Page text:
This is where and when foreign policy becomes the dependent variable of the domestic agenda. Just as it adopts arbitrary policy choices in the country’s management favoring groups that form the government’s social and economic power base, the ruling power has no scruples in drawing on the foreign agenda, no matter how damaging that may turn out to be for the country in the longer term. Its overriding concern remains the same -keeping popular support sufficiently intact.
Political leaders routinely resort to an array of foreign policy agenda options to bolster their domestic standing. These options may be readily available in the form of an already existing border or regional dispute, or a conflict of interest with another power. Otherwise, an unstable neighborhood can always provide abundant material. The only critical condition in its selection is whether it carries the potential to immerse people into a sense of collective destiny. Rallying for a seemingly burning national issue does not only have the power to unite people, it builds a siege mentality beyond the party lines, blurring the ruler’s actual base of support. This siege mentality coincides with the ruler’s own predicament of governing in increasingly more challenging circumstances. Unity of fate, however temporary, between the ruling power and an undetermined section of the population is thus established. And the sense of security, though erroneous, injects a much-needed doze of confidence to the ruler.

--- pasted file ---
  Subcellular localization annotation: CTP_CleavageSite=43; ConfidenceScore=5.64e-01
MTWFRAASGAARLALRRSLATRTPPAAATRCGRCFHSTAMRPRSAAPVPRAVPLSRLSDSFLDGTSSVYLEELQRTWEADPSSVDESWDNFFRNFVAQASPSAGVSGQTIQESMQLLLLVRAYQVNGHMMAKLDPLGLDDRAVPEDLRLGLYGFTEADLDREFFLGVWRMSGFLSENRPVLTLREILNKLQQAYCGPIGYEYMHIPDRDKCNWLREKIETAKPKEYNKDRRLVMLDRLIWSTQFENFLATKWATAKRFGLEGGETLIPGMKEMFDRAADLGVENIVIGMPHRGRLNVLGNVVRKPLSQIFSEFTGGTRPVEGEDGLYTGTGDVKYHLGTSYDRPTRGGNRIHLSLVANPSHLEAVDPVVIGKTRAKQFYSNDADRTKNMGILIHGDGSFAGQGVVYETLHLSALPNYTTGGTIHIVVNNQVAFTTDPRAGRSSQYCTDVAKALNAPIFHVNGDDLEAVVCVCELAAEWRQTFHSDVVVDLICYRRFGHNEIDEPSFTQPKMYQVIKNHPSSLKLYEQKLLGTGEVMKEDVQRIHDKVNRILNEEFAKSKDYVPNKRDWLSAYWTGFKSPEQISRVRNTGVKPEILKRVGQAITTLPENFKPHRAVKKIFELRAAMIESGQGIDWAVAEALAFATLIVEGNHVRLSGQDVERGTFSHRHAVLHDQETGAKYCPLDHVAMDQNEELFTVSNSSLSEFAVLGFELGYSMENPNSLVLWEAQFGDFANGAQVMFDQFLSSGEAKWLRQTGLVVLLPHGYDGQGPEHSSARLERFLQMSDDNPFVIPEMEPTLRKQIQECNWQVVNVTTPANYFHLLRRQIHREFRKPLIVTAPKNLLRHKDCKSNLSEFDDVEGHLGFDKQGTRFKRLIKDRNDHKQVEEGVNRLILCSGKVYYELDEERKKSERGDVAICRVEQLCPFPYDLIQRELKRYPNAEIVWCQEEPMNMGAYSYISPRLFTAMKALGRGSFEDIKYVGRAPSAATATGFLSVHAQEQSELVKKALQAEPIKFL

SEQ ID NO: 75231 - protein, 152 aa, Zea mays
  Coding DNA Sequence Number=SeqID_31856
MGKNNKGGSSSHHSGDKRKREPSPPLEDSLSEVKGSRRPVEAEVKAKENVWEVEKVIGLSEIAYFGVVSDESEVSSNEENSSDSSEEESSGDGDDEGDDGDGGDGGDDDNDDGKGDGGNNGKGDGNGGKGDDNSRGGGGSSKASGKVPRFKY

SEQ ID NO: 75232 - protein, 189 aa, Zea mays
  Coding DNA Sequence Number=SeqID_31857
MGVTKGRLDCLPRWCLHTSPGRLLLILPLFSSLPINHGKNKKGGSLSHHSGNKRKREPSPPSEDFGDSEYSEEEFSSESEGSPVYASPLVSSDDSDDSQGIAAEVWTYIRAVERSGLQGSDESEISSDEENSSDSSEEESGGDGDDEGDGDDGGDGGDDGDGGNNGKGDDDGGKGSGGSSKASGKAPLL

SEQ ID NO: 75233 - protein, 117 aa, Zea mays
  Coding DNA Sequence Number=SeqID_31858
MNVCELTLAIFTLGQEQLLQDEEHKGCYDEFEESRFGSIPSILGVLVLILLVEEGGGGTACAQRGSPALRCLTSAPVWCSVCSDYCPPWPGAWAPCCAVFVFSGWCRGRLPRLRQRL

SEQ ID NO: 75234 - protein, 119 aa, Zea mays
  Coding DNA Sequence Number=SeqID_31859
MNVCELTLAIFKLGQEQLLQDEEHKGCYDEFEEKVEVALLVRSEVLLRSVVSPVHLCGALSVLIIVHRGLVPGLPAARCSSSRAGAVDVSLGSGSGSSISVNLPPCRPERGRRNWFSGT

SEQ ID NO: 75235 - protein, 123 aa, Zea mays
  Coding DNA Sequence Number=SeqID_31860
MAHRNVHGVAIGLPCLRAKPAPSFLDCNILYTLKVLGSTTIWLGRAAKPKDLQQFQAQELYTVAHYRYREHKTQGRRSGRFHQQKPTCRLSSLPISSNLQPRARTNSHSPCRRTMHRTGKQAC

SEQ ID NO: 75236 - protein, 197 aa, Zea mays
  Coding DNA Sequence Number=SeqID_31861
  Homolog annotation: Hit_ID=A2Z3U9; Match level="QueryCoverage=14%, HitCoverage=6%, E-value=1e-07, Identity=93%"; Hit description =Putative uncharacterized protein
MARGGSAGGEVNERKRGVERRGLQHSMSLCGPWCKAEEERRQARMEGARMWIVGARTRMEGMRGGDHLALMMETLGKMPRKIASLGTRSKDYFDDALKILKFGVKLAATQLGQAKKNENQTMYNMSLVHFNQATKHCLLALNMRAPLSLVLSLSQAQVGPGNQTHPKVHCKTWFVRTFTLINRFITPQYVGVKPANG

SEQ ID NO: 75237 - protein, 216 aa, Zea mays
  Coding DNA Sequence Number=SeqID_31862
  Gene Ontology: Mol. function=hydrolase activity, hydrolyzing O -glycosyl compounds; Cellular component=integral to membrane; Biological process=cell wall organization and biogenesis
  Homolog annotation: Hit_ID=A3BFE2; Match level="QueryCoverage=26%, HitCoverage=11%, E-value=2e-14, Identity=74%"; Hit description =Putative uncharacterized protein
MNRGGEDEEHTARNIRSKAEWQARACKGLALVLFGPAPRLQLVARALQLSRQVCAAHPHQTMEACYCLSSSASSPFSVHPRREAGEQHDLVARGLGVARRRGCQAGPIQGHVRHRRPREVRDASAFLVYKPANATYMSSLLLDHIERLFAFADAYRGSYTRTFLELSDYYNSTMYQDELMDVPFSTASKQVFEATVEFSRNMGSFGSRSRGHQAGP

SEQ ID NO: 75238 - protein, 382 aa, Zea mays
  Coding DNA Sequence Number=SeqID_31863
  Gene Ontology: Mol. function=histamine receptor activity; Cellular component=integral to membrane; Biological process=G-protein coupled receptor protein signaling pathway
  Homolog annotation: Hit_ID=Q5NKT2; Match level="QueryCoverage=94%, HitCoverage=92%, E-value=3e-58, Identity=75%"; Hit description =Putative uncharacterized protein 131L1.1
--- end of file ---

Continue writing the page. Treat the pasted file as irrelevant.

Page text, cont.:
Yet, alas the problem with tempering with the foreign relations web is that its consequences cannot be addressed domestically. Damage abroad is inevitably caused. One particular outcome may be the erosion of the nation’s geopolitical interests as the ruler desperately searches for tentative arrangements with unlikely partners to limit the immediate risks of his miscalculations. This damage progressively deepens the political and economic crisis at home. Even for the authoritarian ruler, the struggle to consolidate support turns into a Pyrrhic victory at best.
This summary on the instrumentalization of foreign affairs for domestic agenda is applicable, with minor alterations, to all authoritarian conversions from initially democratic processes around the globe. The abuse of foreign policy is not optional for them. It is an inevitable component of any authoritarian drift. The hybrid state – autocracy with a semblance of democratic legitimization – compels the ruler to pick any available tool to compensate for the gaping hole in his legitimacy.
Şafak Göktürk is a retired Turkish diplomat and is 62 years old. During his career (1979-2019), he held numerous positions including those of First Secretary in Athens, Deputy Chief of Mission in Tehran, Consul General in Frankfurt, Deputy Permanent Representative to the UN in New York, Deputy Director General for the Middle East, Director General for Policy Planning and Ambassador to Egypt, Singapore and Norway. He is married with two children and lives in Ankara.